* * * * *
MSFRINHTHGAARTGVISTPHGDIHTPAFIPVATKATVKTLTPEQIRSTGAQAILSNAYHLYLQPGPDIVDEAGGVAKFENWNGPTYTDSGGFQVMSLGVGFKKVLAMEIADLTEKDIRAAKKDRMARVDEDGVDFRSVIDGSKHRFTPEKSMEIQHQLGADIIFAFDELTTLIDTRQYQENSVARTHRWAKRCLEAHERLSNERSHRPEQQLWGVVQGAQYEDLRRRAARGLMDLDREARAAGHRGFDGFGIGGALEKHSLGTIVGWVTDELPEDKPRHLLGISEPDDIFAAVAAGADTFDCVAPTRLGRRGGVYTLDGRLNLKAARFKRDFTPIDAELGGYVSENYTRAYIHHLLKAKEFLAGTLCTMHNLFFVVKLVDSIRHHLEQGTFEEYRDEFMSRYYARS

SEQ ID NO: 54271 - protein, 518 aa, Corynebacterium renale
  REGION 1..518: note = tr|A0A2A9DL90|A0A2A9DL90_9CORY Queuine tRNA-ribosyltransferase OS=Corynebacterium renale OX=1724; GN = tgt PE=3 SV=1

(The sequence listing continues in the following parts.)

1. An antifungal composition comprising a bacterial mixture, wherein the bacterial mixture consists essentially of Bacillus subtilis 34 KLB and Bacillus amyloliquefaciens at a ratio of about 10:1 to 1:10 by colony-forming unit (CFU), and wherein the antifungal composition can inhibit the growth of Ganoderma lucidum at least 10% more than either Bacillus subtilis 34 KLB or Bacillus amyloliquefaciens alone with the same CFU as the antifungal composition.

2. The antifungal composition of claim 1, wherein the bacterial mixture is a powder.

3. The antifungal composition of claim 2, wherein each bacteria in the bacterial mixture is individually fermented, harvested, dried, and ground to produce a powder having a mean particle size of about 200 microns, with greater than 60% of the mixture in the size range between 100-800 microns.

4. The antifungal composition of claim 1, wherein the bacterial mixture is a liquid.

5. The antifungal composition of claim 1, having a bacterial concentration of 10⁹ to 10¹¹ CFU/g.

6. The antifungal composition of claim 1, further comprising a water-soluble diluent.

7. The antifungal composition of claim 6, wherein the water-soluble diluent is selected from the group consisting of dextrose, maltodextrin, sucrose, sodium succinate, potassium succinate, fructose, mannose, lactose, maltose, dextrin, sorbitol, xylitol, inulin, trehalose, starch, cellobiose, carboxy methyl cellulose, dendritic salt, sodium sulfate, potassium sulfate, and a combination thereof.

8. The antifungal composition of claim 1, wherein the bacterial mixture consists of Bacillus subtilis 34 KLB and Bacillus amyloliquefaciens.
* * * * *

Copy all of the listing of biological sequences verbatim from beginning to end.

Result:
MSFRINHTHGAARTGVISTPHGDIHTPAFIPVATKATVKTLTPEQIRSTGAQAILSNAYHLYLQPGPDIVDEAGGVAKFENWNGPTYTDSGGFQVMSLGVGFKKVLAMEIADLTEKDIRAAKKDRMARVDEDGVDFRSVIDGSKHRFTPEKSMEIQHQLGADIIFAFDELTTLIDTRQYQENSVARTHRWAKRCLEAHERLSNERSHRPEQQLWGVVQGAQYEDLRRRAARGLMDLDREARAAGHRGFDGFGIGGALEKHSLGTIVGWVTDELPEDKPRHLLGISEPDDIFAAVAAGADTFDCVAPTRLGRRGGVYTLDGRLNLKAARFKRDFTPIDAELGGYVSENYTRAYIHHLLKAKEFLAGTLCTMHNLFFVVKLVDSIRHHLEQGTFEEYRDEFMSRYYARS

SEQ ID NO: 54271 - protein, 518 aa, Corynebacterium renale
  REGION 1..518: note = tr|A0A2A9DL90|A0A2A9DL90_9CORY Queuine tRNA-ribosyltransferase OS=Corynebacterium renale OX=1724; GN = tgt PE=3 SV=1

(The sequence listing continues in the following parts.)

1. An antifungal composition comprising a bacterial mixture, wherein the bacterial mixture consists essentially of Bacillus subtilis 34 KLB and Bacillus amyloliquefaciens at a ratio of about 10:1 to 1:10 by colony-forming unit (CFU), and wherein the antifungal composition can inhibit the growth of Ganoderma lucidum at least 10% more than either Bacillus subtilis 34 KLB or Bacillus amyloliquefaciens alone with the same CFU as the antifungal composition.

2. The antifungal composition of claim 1, wherein the bacterial mixture is a powder.

3. The antifungal composition of claim 2, wherein each bacteria in the bacterial mixture is individually fermented, harvested, dried, and ground to produce a powder having a mean particle size of about 200 microns, with greater than 60% of the mixture in the size range between 100-800 microns.

4. The antifungal composition of claim 1, wherein the bacterial mixture is a liquid.

5. The antifungal composition of claim 1, having a bacterial concentration of 10⁹ to 10¹¹ CFU/g.

6. The antifungal composition of claim 1, further comprising a water-soluble diluent.

7. The antifungal composition of claim 6, wherein the water-soluble diluent is selected from the group consisting of dextrose, maltodextrin, sucrose, sodium succinate, potassium succinate, fructose, mannose, lactose, maltose, dextrin, sorbitol, xylitol, inulin, trehalose, starch, cellobiose, carboxy methyl cellulose, dendritic salt, sodium sulfate, potassium sulfate, and a combination thereof.

8. The antifungal composition of claim 1, wherein the bacterial mixture consists of Bacillus subtilis 34 KLB and Bacillus amyloliquefaciens.